A true cinephile isn’t supposed to have blind spots that encompass an entire genre, but the truth is I was late to horror. There’s no great reason for my reluctance to embrace a good frightfest. I just didn’t like being scared, and I figured it was okay to be unfamiliar with a genre, especially one that, as a child of the 1980s, I still thought of as a venue for silly stuff like killers who wear hockey masks or have knives for fingernails.
But somewhere in the middle of the last decade, horror got serious, and I couldn’t ignore it any longer. Films like “Get Out,” “Hereditary,” and “It Follows” were held up by critics not only as having great scares but as great films. And so I ventured forth into the dark hallway of horror, and you’ll never guess what I discovered: Horror is among the most cinematic of genres. If a filmmaker can make you jump out of your skin using only the tools of cinema – a sharp edit, a sudden music cue, or simply the creeping dread of a well-paced story – then they are masters of their craft. If you love film, you need to love horror.
So here’s a list for my fellow cowards looking to partake in the Halloween spirit. These films are disturbing, unnerving, maybe even upsetting. But they’re not terrifying in the ways you’re afraid they will be.
The scariest thing about this late-period Hitchcock about a coordinated bird attack on a small Northern California town? We never find out the cause of it, nor do we know if it ever stopped. It’s an influence on “Jaws,” as well as faceless slashers like Jason Voorhees and Michael Myers, but it’s also a masterpiece in its own right. Hitchcock draws out the tension and his themes with a genius sense of pacing, and, just when you need it, lets the avian mayhem rip.
It’s one of the wildest premises ever committed to film: What if a man could kill you just by screaming? What’s incredible is that “The Shout” actually lives up to its promise.. Simultaneously a terrifying English folktale and a meta-text on sound design in film, “The Shout” is a forgotten masterpiece.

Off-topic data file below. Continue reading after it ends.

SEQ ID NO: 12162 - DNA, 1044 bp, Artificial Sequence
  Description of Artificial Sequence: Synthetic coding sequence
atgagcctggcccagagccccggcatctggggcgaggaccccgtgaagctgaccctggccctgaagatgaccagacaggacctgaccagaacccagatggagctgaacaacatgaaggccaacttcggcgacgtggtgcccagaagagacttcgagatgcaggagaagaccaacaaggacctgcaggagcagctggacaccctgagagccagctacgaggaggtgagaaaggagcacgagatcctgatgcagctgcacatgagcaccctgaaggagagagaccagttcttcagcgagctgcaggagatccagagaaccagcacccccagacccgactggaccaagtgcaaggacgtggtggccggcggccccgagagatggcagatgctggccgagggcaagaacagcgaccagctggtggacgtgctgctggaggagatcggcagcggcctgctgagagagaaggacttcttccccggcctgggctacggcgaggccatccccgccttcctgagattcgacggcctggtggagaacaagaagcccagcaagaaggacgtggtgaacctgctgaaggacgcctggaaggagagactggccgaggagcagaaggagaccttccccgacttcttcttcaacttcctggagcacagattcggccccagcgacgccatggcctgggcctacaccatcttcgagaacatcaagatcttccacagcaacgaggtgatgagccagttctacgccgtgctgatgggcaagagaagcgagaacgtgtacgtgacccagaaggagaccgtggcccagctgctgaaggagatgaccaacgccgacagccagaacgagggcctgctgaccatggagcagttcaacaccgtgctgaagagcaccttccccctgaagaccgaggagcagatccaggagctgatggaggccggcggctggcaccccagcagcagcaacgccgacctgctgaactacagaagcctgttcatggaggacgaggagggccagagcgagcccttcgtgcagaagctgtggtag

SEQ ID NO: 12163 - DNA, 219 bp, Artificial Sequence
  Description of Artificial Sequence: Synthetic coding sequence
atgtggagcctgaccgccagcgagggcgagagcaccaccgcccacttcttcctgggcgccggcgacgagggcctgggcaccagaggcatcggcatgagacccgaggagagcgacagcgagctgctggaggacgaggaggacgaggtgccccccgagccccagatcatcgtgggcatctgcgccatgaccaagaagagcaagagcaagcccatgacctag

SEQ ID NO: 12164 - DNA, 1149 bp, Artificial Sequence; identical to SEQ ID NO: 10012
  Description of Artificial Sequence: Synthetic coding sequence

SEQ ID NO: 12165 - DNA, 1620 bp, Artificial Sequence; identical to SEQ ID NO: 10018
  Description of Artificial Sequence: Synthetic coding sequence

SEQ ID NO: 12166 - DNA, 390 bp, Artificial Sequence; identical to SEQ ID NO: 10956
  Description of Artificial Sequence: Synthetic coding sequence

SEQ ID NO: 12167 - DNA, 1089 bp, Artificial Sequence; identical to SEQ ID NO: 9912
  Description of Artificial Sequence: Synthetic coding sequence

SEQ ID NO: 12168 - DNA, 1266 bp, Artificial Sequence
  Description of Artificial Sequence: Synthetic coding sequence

Bride of Frankenstein
Perhaps even more heartbreaking than “Frankenstein,” this 1935 sequel by Universal horror maestro James Whale picks up directly where the original left off and follows twin paths: The monster, who is miraculously alive after being seemingly sacrificed by townspeople, continues to explore the world and its various pleasures and dangers – finally, Frankenstein drinks booze! – while the doctor is lured by his former mentor into making a female companion for the creature. She arrives late in the film, but leaves an impression that has lasted nearly 90 years, with a tragic fate worthy of Shakespeare.
Many of the films of Joel and Ethan Coen contain elements of horror – certainly, Anton Chiguhr of “No Country for Old Men” qualifies as terrifying – but the brothers actually got their first film made by convincing a small horror studio to pay for it. They took the money and then went off and made a sturdy little crime drama. Nevertheless, with its creeping dread and shocking bursts of violence, “Blood Simple” feels close enough to horror that I’m sure the financers didn’t mind.